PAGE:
England aim to prey on the 'demons' in the minds of Australia's forwards on Sunday after smashing the Wallabies' pack in their last Twickenham encounter.
Stuart Lancaster's side will be under extreme pressure going into their next Pool A fixture, knowing that defeat would almost certainly ensure a disastrous pool-stage exit from their home World Cup.
However, they are confident of gaining the ascendancy up front and reviving grim memories for their rivals.
At the end of their autumn campaign last year, England pounded Australia into submission with a victory founded on pack power, especially at the scrum.
Ben Morgan was man of the match that day with a superb, two-try contribution and the Gloucester No 8 believes the national team can unsettle the Wallabies again, having regained set-piece momentum in their match against Wales.
Michael Cheika, the visitors' head coach, has made scrum improvements a priority this year and that process has been expertly over-seen by former Argentina hooker, Mario Ledesma.
Yet, Morgan still sees potential for English dominance in this key contact area.
"They have certainly improved," he said. "But we are confident going into it. Our set-piece in particular was good and I believe Australia will definitely be concerned after reviewing our game against Wales. We offer a lot in that area and that's somewhere we'll be going at them again.
"It is such a confrontational part of the game. It's an all-eight battle but there are also a lot of one-on-one battles going on in there, and when you have been on the wrong end of it, they will definitely have some doubts in their mind, despite the fact they've had some fix-ups."
Asked if England will put considerable onus on setting a powerful, positive tone in the first scrum on Sunday morning (NZT), Morgan added: "Yes, obviously you want to go in there strong, put a statement down early and allow those demons to grow."
Aggressive intent won't be limited to the scrum. England's forwards will set out to negate the Wallabies' breakdown threat, led by the predatory back-row pair of David Pocock and Michael Hooper, by smashing them out of rucks.
"Pocock and Hooper are great over the ball, which means we have to focus extra hard there and work harder at preventing them from being successful - trying to take away their strength," said Morgan. "If we can nullify their ability to get over the ball it will change the way they play. They like to disrupt and slow people down. But if we can get quick ball, it will pose a different threat to them.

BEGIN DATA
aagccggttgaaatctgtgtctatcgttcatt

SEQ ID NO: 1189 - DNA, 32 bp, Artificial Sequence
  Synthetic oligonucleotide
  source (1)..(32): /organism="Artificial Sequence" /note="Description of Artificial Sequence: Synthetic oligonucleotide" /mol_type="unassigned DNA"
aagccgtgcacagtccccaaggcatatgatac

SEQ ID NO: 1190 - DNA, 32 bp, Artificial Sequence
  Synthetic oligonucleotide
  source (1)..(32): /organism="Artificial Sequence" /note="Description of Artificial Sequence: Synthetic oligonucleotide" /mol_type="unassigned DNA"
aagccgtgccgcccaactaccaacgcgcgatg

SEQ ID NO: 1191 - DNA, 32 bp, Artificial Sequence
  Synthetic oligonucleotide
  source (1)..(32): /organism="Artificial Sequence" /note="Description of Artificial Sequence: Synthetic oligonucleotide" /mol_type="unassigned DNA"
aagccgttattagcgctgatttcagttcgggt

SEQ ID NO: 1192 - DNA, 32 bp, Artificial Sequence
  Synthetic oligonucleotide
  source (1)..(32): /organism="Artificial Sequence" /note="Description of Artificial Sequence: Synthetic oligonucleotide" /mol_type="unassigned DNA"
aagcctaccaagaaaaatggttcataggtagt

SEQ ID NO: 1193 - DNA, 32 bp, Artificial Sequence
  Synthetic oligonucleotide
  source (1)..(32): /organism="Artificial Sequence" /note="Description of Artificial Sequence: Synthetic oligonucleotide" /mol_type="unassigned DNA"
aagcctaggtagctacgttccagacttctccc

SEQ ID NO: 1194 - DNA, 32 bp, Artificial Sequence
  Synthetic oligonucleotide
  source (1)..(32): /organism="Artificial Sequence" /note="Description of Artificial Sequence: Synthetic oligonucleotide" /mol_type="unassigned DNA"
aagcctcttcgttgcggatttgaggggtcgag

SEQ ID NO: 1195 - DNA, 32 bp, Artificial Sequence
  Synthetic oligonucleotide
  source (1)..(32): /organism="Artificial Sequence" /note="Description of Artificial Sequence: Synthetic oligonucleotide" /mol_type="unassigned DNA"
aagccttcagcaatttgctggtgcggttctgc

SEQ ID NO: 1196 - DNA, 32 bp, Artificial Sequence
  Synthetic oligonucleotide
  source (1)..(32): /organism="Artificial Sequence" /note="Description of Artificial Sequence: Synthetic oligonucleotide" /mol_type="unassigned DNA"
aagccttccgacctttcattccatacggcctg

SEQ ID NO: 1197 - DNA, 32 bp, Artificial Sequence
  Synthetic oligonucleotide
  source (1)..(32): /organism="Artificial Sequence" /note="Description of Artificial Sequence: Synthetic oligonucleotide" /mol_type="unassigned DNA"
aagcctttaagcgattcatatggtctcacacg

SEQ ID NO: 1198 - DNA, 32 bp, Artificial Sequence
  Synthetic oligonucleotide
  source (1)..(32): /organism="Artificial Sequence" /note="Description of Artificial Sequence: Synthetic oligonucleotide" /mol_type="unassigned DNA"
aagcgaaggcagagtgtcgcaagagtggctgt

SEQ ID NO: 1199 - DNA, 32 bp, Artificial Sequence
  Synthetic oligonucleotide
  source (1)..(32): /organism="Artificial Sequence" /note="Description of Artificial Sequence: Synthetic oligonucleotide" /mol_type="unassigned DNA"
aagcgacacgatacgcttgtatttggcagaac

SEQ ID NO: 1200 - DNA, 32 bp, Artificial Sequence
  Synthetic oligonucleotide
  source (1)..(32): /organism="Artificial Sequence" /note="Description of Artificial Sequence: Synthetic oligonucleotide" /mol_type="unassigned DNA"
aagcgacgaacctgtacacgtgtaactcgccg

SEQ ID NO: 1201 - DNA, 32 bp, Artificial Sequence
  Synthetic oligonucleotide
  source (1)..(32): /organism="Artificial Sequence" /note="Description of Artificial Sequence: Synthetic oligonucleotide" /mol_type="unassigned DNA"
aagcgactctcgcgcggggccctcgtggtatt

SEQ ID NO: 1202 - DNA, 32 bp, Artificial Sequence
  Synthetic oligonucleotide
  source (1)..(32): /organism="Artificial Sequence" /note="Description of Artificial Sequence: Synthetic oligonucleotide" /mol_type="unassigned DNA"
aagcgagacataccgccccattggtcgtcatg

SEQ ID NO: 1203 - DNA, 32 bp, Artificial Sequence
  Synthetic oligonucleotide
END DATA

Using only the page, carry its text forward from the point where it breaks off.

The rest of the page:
"It's got to be calculated, but at the same time you've got to clear people out, and let them know you are clearing them out. You can't go in tickling them, you have to go in there with some force."
During their defeat against Wales last weekend, England's apparent advantage in the scrum earned them penalties, but they were heavily penalised by referee Jerome Garces for ruck infringements and the repeat offending ultimately proved fatal. Morgan hopes that this Saturday, England can avoid antagonising another French official, Romain Poite.
"The referee is going to be key but more importantly, it's about us," he said. "If we are able to play like I know we can, then the referee is not going to come into matters a whole lot. What we want is a situation where the referee doesn't have too many decisions to make - that the ball is there to play and we're going for it the right way. We want to play quick and get over the gain-line."
Pre-match perceptions would suggest English scrum dominance offset by Australian breakdown command. Morgan suggested that Poite may have such thoughts in the back of his mind, adding: "They're human. If the referee keeps seeing pictures or reading press that says this scrum is very good or that side does something else, then, yes, they will have that perception. We can't let him see that picture. At the ruck we have to clear and pass - don't let them get on the ball."
It is impossible to overstate how much is riding on this game, for England. If Wales beat Fiji this afternoon, there is no more room for manoeuvre - Lancaster's side will be out of the tournament if they lose to the Wallabies. It is shaping up as an occasion of colossal significance and tension for the hosts, but Morgan insists they will thrive in those trying circumstances.
"I think pressure is great," he said. "To start with we've had to pull in tighter as a group and you have to re-focus very quickly in this competition. We've focused on what we need to do against Australia, drawn a line under last weekend and moved on.
"We have no other option than to get on with the job as a group. We have to do our jobs and go for it full steam ahead. The feeling in the group is that everyone's excited at the prospect of getting back out on the pitch after last Saturday."
Morgan will be back on duty at No 8 after missing the Wales game with a knee injury. He will hope that this clash with Australia goes as well - on a personal and collective level - as the last one.
If England can resurrect those Wallaby demons, they can go a long way to keeping their campaign alive.